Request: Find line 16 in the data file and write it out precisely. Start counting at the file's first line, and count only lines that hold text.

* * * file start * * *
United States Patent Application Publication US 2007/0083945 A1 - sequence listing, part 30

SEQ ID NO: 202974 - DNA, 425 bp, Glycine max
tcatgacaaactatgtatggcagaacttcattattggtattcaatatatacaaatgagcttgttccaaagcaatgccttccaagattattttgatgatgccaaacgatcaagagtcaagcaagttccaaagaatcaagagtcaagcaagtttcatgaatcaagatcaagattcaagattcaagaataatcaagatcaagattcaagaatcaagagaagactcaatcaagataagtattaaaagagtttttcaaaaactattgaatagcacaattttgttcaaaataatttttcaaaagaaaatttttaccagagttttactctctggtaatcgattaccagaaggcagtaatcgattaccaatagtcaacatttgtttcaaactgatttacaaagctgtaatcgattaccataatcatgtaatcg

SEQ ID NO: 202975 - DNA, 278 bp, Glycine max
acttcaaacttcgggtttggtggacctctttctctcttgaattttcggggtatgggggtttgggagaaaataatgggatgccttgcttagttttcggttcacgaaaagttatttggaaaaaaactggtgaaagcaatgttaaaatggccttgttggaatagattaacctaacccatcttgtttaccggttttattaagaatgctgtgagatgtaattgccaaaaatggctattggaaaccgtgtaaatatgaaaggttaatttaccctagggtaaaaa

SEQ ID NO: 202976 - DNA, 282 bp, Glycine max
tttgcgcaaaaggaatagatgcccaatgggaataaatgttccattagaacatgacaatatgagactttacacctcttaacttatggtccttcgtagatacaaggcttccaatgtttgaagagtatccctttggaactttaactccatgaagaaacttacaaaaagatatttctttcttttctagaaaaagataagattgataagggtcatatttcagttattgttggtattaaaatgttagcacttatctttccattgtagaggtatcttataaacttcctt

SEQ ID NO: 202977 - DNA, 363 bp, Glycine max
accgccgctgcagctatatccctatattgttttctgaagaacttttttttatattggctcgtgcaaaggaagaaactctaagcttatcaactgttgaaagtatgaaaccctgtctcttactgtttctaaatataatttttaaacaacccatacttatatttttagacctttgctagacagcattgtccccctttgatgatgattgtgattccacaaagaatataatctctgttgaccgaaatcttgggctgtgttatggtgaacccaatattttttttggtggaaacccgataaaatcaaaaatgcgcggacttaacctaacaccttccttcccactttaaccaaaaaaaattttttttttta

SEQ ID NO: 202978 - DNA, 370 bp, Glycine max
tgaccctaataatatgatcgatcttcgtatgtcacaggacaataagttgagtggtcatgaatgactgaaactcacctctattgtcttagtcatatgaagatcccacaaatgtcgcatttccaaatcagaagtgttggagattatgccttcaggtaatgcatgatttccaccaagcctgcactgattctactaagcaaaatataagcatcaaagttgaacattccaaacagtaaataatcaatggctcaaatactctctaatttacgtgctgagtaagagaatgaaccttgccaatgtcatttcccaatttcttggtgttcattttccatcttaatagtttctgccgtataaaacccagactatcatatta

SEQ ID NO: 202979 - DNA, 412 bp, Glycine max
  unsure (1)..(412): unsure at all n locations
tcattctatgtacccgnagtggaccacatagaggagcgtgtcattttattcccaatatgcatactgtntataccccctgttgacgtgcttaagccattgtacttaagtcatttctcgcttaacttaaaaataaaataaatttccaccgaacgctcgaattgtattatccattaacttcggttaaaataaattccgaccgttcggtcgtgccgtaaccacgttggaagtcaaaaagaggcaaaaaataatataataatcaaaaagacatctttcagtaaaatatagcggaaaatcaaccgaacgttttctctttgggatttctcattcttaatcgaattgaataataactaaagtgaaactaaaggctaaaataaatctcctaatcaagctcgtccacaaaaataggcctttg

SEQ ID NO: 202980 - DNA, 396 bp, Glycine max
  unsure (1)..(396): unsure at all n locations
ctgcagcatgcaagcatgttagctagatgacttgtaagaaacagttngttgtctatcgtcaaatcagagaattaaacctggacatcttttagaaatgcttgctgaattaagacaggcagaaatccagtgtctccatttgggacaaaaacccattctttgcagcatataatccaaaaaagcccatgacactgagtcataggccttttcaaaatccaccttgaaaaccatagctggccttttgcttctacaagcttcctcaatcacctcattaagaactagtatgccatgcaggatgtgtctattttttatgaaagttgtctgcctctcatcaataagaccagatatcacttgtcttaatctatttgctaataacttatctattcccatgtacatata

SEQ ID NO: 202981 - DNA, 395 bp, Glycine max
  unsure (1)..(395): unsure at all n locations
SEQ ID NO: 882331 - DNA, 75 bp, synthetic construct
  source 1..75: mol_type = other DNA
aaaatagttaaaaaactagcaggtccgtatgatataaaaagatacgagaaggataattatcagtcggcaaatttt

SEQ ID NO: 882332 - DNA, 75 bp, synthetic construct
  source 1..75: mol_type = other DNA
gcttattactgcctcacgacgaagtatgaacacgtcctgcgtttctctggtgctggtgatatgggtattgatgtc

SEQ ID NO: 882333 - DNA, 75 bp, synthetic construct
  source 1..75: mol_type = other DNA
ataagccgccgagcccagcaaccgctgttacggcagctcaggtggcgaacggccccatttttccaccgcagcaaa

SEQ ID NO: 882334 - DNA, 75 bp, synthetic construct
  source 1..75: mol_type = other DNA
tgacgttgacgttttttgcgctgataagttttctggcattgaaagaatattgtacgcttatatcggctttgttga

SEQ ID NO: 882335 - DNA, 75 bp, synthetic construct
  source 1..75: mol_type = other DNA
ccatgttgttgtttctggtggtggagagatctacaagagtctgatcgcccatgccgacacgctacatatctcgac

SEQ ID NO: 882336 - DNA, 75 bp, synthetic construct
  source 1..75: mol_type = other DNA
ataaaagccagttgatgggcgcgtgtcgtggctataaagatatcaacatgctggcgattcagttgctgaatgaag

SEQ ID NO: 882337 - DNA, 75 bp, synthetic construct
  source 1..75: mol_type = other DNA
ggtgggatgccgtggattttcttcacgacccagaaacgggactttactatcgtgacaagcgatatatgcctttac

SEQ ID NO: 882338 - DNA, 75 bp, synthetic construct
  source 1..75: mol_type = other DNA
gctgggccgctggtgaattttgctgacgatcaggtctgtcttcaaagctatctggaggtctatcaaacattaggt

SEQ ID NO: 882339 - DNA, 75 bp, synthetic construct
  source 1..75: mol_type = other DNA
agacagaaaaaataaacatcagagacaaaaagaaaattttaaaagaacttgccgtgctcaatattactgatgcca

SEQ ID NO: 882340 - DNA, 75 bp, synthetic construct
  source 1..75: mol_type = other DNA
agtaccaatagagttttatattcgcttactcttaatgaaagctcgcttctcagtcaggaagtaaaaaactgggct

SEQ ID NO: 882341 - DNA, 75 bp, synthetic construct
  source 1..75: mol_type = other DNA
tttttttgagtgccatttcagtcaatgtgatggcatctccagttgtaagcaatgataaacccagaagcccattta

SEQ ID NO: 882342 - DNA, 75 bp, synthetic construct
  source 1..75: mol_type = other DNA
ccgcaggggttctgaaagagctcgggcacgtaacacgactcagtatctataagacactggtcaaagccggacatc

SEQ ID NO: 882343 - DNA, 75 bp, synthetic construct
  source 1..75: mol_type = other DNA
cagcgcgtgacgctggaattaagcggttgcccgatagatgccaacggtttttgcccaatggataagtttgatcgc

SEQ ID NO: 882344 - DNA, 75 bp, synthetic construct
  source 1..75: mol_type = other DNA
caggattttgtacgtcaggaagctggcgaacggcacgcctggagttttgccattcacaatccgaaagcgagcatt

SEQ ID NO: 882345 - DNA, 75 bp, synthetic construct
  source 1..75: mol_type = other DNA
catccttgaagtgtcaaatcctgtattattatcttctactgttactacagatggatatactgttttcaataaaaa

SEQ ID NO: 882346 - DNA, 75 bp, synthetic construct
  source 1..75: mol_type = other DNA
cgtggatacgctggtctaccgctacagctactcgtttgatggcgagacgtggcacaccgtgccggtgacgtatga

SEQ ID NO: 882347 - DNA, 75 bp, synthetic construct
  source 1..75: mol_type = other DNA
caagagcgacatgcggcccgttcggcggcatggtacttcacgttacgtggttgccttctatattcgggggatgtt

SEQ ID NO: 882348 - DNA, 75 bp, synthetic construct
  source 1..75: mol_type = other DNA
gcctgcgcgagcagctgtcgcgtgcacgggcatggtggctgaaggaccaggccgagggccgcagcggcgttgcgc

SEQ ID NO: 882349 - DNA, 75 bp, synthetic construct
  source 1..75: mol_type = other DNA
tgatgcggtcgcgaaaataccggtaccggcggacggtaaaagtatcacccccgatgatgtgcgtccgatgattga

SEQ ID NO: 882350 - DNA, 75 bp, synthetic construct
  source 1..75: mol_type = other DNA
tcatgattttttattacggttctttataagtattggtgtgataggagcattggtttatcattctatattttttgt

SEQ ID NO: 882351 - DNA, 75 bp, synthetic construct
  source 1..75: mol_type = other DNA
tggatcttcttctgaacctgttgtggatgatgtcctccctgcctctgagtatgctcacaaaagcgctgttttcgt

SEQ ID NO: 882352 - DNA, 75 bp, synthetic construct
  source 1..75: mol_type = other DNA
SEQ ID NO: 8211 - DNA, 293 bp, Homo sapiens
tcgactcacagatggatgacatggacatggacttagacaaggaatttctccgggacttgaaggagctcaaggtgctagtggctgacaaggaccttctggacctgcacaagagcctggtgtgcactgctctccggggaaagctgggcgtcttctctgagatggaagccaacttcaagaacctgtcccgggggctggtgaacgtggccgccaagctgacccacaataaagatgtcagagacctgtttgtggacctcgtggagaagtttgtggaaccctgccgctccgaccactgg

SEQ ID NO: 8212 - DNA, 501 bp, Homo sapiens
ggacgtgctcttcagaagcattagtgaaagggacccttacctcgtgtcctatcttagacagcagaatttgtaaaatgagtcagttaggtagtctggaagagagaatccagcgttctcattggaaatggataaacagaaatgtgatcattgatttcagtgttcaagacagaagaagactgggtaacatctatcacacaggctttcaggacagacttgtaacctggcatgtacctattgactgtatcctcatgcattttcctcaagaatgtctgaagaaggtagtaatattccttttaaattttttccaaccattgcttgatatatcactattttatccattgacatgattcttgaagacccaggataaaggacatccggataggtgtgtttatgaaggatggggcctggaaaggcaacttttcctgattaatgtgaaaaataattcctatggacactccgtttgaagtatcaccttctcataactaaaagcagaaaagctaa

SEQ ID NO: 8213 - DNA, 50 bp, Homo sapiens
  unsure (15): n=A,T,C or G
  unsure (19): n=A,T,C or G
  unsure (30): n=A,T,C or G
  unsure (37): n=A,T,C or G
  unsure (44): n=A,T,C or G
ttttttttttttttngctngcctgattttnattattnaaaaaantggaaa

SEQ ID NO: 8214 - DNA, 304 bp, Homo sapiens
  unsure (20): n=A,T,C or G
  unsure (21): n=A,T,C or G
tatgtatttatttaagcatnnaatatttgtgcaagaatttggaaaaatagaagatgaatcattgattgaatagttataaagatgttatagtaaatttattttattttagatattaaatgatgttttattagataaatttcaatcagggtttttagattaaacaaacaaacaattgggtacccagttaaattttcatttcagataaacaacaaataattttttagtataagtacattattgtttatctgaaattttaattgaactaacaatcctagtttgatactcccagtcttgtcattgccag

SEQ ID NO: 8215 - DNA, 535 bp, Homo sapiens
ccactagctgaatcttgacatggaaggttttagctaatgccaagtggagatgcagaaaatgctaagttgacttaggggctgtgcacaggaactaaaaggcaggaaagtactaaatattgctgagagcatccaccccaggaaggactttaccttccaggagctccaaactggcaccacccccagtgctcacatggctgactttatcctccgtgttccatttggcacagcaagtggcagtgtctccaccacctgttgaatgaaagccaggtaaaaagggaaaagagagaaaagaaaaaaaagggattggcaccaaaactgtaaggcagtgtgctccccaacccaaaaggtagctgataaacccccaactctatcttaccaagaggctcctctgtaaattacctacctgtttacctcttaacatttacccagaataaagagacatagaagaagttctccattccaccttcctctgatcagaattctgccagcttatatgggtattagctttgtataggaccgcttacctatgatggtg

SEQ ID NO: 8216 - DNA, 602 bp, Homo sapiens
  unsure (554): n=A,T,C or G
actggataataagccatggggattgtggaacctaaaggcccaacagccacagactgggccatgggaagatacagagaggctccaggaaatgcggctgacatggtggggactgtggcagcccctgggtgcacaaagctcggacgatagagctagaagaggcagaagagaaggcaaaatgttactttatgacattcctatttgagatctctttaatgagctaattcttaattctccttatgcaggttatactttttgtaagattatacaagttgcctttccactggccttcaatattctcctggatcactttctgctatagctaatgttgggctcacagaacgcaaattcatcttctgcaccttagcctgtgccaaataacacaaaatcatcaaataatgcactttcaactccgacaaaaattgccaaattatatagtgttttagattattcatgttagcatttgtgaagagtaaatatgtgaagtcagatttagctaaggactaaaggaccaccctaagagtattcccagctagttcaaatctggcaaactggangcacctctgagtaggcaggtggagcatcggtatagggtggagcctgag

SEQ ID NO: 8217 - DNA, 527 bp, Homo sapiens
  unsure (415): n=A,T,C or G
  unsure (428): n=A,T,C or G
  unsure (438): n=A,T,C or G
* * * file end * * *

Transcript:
  unsure (1)..(396): unsure at all n locations